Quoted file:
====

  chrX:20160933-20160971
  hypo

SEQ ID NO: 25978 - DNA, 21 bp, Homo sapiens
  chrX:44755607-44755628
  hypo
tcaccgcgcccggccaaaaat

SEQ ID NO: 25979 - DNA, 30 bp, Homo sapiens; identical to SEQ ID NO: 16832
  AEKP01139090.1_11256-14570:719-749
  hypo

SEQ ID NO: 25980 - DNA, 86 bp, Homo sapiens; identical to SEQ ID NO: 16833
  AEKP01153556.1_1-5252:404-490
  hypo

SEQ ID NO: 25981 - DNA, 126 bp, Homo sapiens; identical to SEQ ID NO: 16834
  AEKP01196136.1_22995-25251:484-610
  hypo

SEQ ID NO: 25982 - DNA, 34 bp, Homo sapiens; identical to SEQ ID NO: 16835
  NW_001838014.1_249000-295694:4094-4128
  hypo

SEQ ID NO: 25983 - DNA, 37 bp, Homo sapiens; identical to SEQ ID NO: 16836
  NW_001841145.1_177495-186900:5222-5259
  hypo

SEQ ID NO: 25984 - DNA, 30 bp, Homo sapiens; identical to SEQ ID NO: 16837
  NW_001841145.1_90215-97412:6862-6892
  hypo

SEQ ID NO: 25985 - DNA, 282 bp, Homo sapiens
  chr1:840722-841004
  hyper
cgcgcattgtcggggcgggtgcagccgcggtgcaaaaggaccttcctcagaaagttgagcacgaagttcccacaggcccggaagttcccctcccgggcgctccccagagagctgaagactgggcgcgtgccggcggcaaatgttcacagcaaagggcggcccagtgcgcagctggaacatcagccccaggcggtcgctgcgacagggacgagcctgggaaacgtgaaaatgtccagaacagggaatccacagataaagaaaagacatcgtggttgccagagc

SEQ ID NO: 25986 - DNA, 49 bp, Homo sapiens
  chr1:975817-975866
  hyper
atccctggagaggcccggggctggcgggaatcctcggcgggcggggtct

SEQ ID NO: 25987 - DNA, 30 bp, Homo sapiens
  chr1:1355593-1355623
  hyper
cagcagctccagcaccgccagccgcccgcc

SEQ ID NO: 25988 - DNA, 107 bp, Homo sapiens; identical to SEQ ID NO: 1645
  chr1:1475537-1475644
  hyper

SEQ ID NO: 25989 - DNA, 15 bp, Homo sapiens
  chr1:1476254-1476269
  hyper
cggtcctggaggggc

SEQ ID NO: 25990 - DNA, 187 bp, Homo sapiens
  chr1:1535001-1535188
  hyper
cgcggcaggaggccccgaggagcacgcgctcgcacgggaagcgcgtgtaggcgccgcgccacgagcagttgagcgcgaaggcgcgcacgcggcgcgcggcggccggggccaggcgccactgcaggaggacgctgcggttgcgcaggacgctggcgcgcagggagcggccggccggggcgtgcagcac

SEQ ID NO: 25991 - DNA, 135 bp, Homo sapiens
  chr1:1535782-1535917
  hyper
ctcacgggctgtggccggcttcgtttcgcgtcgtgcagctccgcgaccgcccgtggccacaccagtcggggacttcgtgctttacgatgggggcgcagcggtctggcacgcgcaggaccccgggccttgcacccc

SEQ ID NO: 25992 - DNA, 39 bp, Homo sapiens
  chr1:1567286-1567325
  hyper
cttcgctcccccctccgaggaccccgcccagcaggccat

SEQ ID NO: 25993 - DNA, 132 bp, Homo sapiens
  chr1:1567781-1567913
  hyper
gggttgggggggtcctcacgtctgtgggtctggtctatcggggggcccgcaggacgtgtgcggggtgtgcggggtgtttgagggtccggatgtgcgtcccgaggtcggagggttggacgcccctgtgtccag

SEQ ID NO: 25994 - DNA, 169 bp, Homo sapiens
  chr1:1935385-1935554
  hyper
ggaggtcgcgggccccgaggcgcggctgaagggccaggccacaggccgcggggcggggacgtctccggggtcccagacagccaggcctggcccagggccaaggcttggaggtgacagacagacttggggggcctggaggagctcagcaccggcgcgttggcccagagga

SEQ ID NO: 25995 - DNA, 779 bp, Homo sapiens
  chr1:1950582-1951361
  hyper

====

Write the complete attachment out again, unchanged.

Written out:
  chrX:20160933-20160971
  hypo

SEQ ID NO: 25978 - DNA, 21 bp, Homo sapiens
  chrX:44755607-44755628
  hypo
tcaccgcgcccggccaaaaat

SEQ ID NO: 25979 - DNA, 30 bp, Homo sapiens; identical to SEQ ID NO: 16832
  AEKP01139090.1_11256-14570:719-749
  hypo

SEQ ID NO: 25980 - DNA, 86 bp, Homo sapiens; identical to SEQ ID NO: 16833
  AEKP01153556.1_1-5252:404-490
  hypo

SEQ ID NO: 25981 - DNA, 126 bp, Homo sapiens; identical to SEQ ID NO: 16834
  AEKP01196136.1_22995-25251:484-610
  hypo

SEQ ID NO: 25982 - DNA, 34 bp, Homo sapiens; identical to SEQ ID NO: 16835
  NW_001838014.1_249000-295694:4094-4128
  hypo

SEQ ID NO: 25983 - DNA, 37 bp, Homo sapiens; identical to SEQ ID NO: 16836
  NW_001841145.1_177495-186900:5222-5259
  hypo

SEQ ID NO: 25984 - DNA, 30 bp, Homo sapiens; identical to SEQ ID NO: 16837
  NW_001841145.1_90215-97412:6862-6892
  hypo

SEQ ID NO: 25985 - DNA, 282 bp, Homo sapiens
  chr1:840722-841004
  hyper
cgcgcattgtcggggcgggtgcagccgcggtgcaaaaggaccttcctcagaaagttgagcacgaagttcccacaggcccggaagttcccctcccgggcgctccccagagagctgaagactgggcgcgtgccggcggcaaatgttcacagcaaagggcggcccagtgcgcagctggaacatcagccccaggcggtcgctgcgacagggacgagcctgggaaacgtgaaaatgtccagaacagggaatccacagataaagaaaagacatcgtggttgccagagc

SEQ ID NO: 25986 - DNA, 49 bp, Homo sapiens
  chr1:975817-975866
  hyper
atccctggagaggcccggggctggcgggaatcctcggcgggcggggtct

SEQ ID NO: 25987 - DNA, 30 bp, Homo sapiens
  chr1:1355593-1355623
  hyper
cagcagctccagcaccgccagccgcccgcc

SEQ ID NO: 25988 - DNA, 107 bp, Homo sapiens; identical to SEQ ID NO: 1645
  chr1:1475537-1475644
  hyper

SEQ ID NO: 25989 - DNA, 15 bp, Homo sapiens
  chr1:1476254-1476269
  hyper
cggtcctggaggggc

SEQ ID NO: 25990 - DNA, 187 bp, Homo sapiens
  chr1:1535001-1535188
  hyper
cgcggcaggaggccccgaggagcacgcgctcgcacgggaagcgcgtgtaggcgccgcgccacgagcagttgagcgcgaaggcgcgcacgcggcgcgcggcggccggggccaggcgccactgcaggaggacgctgcggttgcgcaggacgctggcgcgcagggagcggccggccggggcgtgcagcac

SEQ ID NO: 25991 - DNA, 135 bp, Homo sapiens
  chr1:1535782-1535917
  hyper
ctcacgggctgtggccggcttcgtttcgcgtcgtgcagctccgcgaccgcccgtggccacaccagtcggggacttcgtgctttacgatgggggcgcagcggtctggcacgcgcaggaccccgggccttgcacccc

SEQ ID NO: 25992 - DNA, 39 bp, Homo sapiens
  chr1:1567286-1567325
  hyper
cttcgctcccccctccgaggaccccgcccagcaggccat

SEQ ID NO: 25993 - DNA, 132 bp, Homo sapiens
  chr1:1567781-1567913
  hyper
gggttgggggggtcctcacgtctgtgggtctggtctatcggggggcccgcaggacgtgtgcggggtgtgcggggtgtttgagggtccggatgtgcgtcccgaggtcggagggttggacgcccctgtgtccag

SEQ ID NO: 25994 - DNA, 169 bp, Homo sapiens
  chr1:1935385-1935554
  hyper
ggaggtcgcgggccccgaggcgcggctgaagggccaggccacaggccgcggggcggggacgtctccggggtcccagacagccaggcctggcccagggccaaggcttggaggtgacagacagacttggggggcctggaggagctcagcaccggcgcgttggcccagagga

SEQ ID NO: 25995 - DNA, 779 bp, Homo sapiens
  chr1:1950582-1951361
  hyper